Mammals, birds, fishes have won evolutionary race

August 24th, 2009 - 2:17 pm ICT by IANS  

Washington, Aug 24 (IANS) Mammals, birds and fishes are among evolution’s “winners” because they have diversified into more species, while crocodiles, alligators and their reptile cousin tuatara are among the “losers”, says a new study.
“Our results indicate that mammals are special,” said Michael Alfaro, University of California-Los Angeles (UCLA) assistant professor of ecology and evolutionary biology, who led the study.

Alfaro and colleagues analysed DNA sequences and fossils from 47 vertebrate groups and used a computational approach to calculate whether the “species richness” of each group was exceptionally high or low.

The research allows scientists to calculate for the first time which animal lineages have exceptional rates of success.

Among the evolutionary winners are most modern birds, including the songbirds, parrots, doves, eagles, hummingbirds and pigeons; a group that includes most mammals; and a group of fish that includes most of the fish that live on coral reefs, said Alfaro, an evolutionary biologist.

A group with the scientific name Boreoeutheria, which consists of many mammals, has diversified about seven times faster than scientists would have expected, beginning about 110 million years ago, Alfaro and his colleagues calculated.

The group includes primates and carnivores, as well as bats and rodents. Pouched mammals, such as kangaroos, are not as richly varied as other mammals, Alfaro said.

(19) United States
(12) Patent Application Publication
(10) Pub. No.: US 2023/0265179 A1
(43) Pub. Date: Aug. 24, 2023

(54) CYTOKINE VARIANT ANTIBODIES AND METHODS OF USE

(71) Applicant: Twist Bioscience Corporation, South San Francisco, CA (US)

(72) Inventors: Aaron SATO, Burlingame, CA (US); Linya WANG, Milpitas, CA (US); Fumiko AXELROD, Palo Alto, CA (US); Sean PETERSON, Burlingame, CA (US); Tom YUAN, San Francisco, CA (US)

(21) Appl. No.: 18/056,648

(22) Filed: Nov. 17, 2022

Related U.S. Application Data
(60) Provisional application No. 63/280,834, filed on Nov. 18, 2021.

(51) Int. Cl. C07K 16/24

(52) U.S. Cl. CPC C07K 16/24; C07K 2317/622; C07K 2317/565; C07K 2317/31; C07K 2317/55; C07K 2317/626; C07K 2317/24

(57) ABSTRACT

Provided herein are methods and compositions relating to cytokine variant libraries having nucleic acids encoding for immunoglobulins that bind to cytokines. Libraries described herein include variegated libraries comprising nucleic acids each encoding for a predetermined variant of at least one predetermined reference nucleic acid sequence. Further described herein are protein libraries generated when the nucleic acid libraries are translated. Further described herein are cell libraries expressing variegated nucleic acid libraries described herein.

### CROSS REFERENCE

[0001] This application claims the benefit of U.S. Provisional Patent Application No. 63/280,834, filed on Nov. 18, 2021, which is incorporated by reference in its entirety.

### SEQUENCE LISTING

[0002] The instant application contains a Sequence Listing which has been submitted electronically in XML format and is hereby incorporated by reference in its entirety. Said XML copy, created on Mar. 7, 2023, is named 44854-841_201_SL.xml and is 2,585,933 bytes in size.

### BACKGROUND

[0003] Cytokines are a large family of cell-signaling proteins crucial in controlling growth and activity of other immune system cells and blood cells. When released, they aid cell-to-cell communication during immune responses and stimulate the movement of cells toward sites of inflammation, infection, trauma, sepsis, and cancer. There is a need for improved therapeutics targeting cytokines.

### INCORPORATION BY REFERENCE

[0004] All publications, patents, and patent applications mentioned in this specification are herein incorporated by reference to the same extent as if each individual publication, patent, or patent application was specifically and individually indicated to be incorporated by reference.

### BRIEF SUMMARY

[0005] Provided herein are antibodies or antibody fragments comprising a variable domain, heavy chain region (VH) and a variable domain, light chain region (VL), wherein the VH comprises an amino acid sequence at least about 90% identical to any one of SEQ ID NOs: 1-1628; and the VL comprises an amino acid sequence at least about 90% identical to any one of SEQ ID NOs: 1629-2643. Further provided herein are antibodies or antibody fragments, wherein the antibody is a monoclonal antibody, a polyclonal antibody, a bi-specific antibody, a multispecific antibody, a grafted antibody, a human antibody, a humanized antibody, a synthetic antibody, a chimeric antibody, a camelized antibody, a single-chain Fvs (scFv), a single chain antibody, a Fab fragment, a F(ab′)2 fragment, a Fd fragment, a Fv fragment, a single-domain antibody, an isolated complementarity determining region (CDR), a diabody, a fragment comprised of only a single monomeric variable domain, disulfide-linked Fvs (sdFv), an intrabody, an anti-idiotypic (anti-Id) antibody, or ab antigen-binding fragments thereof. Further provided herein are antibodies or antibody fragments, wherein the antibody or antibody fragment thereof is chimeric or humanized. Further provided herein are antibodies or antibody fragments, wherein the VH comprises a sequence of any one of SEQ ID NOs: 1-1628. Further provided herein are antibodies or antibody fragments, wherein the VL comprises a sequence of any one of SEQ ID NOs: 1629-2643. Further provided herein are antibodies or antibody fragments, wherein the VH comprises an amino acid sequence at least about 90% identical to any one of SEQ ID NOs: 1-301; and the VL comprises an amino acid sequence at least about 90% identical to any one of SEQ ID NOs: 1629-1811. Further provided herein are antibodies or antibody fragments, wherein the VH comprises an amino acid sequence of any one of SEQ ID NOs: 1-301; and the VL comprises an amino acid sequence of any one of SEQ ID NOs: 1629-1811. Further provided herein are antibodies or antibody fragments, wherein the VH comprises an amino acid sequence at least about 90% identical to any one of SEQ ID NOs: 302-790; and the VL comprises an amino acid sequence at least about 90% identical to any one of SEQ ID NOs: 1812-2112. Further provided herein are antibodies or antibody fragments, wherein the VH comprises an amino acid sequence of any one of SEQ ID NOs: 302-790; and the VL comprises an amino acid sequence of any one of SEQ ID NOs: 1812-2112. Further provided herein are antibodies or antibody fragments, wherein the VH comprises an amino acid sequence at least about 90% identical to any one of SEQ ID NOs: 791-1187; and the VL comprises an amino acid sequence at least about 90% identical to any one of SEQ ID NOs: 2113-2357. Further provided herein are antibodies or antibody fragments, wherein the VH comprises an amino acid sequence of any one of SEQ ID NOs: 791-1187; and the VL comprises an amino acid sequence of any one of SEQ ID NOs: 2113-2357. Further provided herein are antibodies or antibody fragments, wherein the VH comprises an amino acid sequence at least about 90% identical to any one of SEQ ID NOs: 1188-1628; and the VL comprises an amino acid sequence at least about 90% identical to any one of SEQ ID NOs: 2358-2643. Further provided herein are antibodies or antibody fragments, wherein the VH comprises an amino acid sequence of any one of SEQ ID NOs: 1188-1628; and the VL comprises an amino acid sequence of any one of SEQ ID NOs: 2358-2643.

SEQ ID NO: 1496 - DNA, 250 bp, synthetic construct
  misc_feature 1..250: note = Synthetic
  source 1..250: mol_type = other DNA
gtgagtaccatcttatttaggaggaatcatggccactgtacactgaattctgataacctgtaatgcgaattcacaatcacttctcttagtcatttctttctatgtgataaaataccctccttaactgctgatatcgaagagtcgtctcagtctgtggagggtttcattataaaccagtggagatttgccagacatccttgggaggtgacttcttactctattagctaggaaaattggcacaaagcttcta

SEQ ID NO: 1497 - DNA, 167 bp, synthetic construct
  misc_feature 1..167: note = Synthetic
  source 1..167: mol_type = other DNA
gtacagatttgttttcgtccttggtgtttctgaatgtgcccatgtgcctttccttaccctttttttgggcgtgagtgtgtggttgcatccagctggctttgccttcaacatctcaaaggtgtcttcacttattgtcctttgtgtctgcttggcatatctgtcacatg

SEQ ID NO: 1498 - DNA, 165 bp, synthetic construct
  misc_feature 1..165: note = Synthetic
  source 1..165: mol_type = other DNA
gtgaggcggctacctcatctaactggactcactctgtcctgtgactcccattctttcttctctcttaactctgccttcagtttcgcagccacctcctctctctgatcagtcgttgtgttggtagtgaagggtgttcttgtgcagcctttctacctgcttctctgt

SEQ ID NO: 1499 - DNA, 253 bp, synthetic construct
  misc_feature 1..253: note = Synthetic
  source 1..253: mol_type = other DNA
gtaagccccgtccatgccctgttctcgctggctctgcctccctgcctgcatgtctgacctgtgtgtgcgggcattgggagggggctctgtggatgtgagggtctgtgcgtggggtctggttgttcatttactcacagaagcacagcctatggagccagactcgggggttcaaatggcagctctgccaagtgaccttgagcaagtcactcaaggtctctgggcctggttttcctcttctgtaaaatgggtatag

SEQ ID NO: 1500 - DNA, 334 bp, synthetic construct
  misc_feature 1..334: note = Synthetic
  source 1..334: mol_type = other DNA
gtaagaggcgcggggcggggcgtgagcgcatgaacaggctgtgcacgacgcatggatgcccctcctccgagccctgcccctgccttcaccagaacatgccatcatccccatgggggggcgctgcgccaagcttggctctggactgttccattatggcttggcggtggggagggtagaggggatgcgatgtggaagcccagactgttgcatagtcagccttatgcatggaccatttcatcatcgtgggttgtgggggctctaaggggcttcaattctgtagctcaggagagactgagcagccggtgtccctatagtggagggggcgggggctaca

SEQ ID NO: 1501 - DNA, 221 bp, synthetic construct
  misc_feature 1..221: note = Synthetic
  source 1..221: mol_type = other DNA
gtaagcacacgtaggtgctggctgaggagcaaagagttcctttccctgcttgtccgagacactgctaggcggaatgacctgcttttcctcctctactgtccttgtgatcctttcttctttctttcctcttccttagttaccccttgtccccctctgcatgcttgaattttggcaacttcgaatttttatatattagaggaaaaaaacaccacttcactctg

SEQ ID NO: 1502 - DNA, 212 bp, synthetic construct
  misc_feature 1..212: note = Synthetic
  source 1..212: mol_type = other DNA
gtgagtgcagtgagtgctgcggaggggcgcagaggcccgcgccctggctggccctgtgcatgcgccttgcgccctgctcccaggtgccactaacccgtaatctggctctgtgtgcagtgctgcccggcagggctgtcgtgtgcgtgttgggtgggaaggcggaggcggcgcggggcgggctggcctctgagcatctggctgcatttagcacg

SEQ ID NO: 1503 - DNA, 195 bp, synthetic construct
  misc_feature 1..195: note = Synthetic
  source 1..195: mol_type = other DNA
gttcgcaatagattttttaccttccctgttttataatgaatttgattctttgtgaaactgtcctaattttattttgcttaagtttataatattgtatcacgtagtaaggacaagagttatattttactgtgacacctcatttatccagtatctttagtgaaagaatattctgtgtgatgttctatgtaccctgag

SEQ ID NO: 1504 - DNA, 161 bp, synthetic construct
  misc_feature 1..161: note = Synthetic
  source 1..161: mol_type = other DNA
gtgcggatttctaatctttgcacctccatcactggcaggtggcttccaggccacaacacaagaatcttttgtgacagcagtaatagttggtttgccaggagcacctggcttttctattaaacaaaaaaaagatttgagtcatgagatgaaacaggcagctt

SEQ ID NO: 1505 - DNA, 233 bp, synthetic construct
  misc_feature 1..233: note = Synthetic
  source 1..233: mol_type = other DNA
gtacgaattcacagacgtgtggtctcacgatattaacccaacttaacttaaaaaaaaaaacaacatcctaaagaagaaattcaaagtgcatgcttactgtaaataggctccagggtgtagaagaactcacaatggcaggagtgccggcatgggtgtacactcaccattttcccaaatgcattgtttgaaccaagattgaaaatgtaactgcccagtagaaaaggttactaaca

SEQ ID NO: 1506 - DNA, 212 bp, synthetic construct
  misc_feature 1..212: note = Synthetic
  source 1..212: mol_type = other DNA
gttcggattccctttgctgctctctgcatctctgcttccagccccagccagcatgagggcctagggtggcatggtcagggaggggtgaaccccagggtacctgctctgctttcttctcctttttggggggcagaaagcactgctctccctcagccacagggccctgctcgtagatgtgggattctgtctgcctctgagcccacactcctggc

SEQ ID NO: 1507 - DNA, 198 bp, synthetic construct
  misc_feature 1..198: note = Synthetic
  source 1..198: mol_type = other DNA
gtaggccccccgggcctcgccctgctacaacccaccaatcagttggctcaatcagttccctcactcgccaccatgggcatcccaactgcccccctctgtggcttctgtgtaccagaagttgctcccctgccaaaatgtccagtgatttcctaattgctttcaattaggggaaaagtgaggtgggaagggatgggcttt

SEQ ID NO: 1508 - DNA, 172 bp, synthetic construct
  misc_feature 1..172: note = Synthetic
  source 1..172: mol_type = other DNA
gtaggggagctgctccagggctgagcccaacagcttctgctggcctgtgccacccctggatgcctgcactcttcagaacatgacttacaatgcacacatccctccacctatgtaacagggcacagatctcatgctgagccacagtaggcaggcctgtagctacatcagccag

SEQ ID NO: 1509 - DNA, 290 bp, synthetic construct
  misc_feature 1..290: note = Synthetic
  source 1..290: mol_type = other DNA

Modern birds have diversified about nine times faster than expected, starting about 103 million years ago, and the fishes that live on coral reefs have diversified about eight times faster than expected, he said.

Crocodiles and alligators are nearly 250 million years old yet have diversified into only 23 species, Alfaro said.

They are diversifying a staggering 1,000 times slower than would have been expected. “Their species richness is so low, given how old they are,” he said.

The tuatara, which lives in New Zealand and resembles lizards — although it is actually a distant cousin — has only two species.

“In the same period of time that produced more than 8,000 species of snakes and lizards, there were only two species of tuatara,” Alfaro said.

“That is one of the big mysteries about biodiversity,” Alfaro said. “Why these evolutionary losers are still around is a very hard thing to explain,” he said, according to an UCLA release.

Conversely, there are more than 9,000 bird species, more than 5,400 mammal species, approximately 5,500 frog species, some 3,000 snake species and 5,200 lizard species, Alfaro said.

The study, which also shows that new species emerge nearly as often as they die off, was published in the early online edition of Proceedings of the National Academy of Sciences.

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